UK organisations ignore data quality issues

UK organisations have emerged as among the worst in a global study for neglecting data quality issues, but the best for complying with related regulation.

Nearly two in every three (58 per cent) of UK executives surveyed said they could not confirm that a documented strategy exists to keep their contact data accurate and up-to-date. This is compared to an average of 54 per cent of organisations around the world that made the same admission.

Despite this, nearly all (96 per cent) recognise that inaccurate data has a direct financial impact on their operations, with 19 per cent admitting to it having a negative impact on revenue or funding.

Although UK organisations have the worst record globally for maintaining a working data quality strategy, the report found they are faring the best in terms of being compliant with database regulations according 87 per cent. The UK is followed closely by North America and the least compliant are the Dutch (73 per cent).

But the report, "Contact data: the profit maker or neglected asset?" carried out by independent researcher Dynamic Markets on behalf of Experian and address verification and data quality software provider QAS, also found a major trend in the number of organisations adopting a strategic approach to data.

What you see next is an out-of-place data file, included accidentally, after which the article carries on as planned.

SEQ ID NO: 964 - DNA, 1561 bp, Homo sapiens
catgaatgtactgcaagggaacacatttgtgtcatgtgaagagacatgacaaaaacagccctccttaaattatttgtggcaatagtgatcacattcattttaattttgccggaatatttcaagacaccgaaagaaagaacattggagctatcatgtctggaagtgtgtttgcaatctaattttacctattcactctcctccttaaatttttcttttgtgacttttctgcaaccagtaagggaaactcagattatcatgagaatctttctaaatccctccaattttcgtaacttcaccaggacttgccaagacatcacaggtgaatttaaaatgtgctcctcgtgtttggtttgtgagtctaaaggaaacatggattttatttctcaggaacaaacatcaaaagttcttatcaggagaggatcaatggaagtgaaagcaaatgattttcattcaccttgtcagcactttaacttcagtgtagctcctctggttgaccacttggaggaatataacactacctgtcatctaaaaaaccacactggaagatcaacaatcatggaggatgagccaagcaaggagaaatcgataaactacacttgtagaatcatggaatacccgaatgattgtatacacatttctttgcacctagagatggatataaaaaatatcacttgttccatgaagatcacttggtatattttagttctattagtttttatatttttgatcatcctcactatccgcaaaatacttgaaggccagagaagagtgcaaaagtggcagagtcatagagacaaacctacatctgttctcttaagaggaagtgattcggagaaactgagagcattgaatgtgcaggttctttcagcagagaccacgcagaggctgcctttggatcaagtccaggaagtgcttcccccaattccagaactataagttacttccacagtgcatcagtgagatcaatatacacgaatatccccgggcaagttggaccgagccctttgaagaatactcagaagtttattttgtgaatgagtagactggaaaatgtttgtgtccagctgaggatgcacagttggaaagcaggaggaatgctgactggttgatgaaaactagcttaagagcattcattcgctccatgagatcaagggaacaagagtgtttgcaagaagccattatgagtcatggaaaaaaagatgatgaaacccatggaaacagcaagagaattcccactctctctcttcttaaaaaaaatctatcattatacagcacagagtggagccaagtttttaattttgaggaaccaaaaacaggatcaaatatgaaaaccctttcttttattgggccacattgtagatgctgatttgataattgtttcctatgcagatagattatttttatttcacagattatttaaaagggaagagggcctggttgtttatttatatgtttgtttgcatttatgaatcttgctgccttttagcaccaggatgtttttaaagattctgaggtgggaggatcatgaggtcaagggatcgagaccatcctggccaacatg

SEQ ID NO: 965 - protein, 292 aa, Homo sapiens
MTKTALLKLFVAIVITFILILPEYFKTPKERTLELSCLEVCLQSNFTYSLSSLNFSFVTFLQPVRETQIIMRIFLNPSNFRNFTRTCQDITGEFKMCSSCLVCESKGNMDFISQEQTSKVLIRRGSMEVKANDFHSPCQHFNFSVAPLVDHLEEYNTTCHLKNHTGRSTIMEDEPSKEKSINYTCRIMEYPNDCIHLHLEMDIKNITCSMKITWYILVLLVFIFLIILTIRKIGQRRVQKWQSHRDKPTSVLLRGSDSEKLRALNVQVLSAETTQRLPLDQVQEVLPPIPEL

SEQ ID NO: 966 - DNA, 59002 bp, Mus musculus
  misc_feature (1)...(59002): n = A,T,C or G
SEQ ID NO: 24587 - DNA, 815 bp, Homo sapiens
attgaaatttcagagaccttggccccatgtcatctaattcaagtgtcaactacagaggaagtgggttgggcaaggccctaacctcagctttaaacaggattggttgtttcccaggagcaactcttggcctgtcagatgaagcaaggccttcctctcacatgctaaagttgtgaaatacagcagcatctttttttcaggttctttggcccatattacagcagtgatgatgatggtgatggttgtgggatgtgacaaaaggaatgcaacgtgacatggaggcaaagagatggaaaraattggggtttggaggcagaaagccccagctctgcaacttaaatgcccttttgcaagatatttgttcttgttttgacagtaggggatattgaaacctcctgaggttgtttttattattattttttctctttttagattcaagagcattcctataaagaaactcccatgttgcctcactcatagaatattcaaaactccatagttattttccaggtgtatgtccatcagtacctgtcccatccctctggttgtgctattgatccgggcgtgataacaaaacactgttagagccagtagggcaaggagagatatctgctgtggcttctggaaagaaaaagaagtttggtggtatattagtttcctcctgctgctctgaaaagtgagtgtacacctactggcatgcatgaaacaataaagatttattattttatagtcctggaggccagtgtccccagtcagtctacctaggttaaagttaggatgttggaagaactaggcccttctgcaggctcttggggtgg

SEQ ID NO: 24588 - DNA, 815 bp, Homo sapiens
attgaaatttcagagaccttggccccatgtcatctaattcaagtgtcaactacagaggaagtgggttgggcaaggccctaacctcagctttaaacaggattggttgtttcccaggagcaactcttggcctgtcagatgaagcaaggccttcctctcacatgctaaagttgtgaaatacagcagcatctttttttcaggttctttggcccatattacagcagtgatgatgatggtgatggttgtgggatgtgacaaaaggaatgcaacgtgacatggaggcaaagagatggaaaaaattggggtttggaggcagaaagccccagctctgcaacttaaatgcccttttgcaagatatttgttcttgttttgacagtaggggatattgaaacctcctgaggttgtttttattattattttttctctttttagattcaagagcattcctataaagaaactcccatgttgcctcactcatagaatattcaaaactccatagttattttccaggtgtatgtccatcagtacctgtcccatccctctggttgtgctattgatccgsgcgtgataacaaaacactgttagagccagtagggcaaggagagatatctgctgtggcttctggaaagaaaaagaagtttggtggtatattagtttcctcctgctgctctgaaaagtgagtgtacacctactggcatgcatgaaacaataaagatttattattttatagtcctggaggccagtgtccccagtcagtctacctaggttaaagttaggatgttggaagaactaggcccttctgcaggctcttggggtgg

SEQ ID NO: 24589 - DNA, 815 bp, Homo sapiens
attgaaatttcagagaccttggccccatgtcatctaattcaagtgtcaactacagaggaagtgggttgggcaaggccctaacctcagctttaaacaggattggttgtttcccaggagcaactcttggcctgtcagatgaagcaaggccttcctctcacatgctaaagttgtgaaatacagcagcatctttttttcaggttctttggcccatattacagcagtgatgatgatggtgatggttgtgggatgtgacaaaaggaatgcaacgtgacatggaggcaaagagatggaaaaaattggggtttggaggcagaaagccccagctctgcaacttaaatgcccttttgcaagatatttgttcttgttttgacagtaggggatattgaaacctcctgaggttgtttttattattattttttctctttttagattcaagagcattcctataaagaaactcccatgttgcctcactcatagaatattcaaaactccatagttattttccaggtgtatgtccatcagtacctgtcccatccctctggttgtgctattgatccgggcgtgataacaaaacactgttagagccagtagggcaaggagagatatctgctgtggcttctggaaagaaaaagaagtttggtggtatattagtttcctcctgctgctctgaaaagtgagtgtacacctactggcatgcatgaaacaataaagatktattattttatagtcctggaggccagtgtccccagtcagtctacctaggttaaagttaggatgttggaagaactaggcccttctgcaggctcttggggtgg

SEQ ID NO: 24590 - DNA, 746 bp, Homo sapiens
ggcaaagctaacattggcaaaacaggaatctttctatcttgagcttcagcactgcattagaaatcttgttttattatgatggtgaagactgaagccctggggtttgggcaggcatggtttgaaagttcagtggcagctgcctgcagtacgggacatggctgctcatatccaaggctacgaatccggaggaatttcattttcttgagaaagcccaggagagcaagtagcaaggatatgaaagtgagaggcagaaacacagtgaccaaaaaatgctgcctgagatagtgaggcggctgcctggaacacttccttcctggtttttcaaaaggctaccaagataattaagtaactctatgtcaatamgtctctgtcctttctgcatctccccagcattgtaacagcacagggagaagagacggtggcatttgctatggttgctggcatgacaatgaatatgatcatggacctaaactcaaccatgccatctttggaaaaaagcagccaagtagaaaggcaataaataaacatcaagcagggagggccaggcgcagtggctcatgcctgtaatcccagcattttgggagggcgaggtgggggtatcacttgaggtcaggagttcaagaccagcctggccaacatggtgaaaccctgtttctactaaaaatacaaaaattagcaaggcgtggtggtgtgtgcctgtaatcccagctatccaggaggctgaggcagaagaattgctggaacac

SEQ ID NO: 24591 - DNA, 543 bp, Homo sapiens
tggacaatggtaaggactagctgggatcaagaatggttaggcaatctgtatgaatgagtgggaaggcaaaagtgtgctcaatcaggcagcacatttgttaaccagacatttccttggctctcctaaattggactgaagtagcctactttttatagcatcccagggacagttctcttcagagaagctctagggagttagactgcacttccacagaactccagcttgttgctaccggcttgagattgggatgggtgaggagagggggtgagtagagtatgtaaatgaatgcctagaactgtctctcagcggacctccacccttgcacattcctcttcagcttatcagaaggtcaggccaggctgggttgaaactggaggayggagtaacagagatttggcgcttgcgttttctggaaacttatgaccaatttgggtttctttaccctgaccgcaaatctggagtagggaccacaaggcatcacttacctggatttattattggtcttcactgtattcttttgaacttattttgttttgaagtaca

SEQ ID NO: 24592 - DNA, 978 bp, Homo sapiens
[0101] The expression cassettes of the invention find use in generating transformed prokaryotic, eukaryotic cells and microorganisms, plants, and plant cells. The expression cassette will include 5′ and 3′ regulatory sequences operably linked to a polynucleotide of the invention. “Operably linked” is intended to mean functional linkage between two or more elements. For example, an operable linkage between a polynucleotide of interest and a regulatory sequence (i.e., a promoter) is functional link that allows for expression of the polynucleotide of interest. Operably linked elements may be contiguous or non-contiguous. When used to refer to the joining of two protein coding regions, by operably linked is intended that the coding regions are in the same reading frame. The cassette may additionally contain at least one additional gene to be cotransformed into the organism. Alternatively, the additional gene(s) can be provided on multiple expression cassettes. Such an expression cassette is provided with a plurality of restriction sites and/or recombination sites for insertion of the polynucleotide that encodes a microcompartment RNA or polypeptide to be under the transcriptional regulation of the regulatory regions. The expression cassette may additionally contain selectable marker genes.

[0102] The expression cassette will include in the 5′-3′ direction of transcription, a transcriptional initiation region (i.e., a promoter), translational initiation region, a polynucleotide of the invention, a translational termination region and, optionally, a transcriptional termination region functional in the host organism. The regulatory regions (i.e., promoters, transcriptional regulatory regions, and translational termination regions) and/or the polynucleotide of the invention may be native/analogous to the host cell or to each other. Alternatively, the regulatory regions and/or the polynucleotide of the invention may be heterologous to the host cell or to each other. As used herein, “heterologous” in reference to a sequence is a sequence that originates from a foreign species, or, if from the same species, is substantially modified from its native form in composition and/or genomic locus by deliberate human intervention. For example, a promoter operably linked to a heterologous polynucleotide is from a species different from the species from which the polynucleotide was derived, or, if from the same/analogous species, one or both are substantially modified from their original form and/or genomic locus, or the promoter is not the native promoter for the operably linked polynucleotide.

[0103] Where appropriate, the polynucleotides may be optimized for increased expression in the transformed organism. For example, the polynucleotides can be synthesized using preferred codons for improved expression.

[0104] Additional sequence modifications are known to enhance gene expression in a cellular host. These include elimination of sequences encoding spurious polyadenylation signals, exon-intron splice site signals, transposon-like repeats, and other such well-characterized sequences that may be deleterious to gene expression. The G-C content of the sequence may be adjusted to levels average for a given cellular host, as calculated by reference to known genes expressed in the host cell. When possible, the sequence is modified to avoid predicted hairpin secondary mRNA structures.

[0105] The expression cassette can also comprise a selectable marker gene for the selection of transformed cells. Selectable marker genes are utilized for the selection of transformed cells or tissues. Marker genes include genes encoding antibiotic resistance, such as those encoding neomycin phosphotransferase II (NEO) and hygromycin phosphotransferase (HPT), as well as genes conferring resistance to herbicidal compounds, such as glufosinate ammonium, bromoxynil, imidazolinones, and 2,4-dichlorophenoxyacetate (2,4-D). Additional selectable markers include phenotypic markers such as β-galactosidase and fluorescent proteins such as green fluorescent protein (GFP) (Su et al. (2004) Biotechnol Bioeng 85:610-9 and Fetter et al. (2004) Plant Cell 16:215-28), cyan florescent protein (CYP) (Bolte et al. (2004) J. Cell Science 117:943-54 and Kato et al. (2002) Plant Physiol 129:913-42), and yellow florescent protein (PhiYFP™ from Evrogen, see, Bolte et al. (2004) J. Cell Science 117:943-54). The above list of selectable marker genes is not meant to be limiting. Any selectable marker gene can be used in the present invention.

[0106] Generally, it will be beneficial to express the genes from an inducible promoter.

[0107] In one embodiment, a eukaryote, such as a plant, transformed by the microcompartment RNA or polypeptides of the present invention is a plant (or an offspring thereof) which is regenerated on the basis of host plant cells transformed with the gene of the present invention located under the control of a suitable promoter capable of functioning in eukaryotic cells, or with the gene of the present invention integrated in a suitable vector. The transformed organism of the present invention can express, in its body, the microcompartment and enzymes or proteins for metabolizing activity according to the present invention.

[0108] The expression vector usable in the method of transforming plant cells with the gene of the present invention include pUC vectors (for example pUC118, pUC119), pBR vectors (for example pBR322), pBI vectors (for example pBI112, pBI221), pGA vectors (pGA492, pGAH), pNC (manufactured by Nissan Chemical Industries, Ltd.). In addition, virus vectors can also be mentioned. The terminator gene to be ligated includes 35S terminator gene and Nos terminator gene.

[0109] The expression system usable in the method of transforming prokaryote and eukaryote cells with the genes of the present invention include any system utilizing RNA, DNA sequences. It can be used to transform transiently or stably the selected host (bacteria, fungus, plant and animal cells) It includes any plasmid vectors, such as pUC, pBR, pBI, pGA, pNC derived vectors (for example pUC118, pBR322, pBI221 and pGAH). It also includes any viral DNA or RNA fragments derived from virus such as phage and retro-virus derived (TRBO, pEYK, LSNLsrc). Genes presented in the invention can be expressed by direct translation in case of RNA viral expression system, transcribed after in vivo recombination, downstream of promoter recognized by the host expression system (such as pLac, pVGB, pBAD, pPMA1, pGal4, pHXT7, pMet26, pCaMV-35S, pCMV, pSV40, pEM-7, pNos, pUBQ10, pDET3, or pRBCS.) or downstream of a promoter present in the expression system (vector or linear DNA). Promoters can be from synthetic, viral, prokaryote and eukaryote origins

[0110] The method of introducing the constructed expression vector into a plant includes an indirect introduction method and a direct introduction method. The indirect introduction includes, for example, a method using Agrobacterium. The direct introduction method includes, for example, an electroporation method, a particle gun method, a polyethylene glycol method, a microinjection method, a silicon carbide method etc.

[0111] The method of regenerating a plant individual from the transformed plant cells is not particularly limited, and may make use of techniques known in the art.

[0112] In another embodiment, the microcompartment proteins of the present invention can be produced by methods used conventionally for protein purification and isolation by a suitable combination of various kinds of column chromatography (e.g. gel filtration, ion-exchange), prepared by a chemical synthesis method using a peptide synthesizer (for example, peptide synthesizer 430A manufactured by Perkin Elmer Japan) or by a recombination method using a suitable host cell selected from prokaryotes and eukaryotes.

Of the 2,078 respondents with a data-related role within in organisations across the UK, Holland, France, North America, Australia and Singapore, 46 per cent said they had a data quality strategy compared to just 27 per cent when QAS commissioned the same research in 2005.

By contrast, the number of organisations around the world that claim to be fully compliant with database-related regulations decreased since 2005, with only 27 per cent making this claim today, compared to when 37 per cent two years ago who believed they were operating within regulations.

Miya Knights

A 25-year veteran enterprise technology expert, Miya Knights applies her deep understanding of technology gained through her journalism career to both her role as a consultant and as director at Retail Technology Magazine, which she helped shape over the past 17 years. Miya was educated at Oxford University, earning a master’s degree in English.

Her role as a journalist has seen her write for many of the leading technology publishers in the UK such as ITPro, TechWeekEurope, CIO UK, Computer Weekly, and also a number of national newspapers including The Times, Independent, and Financial Times.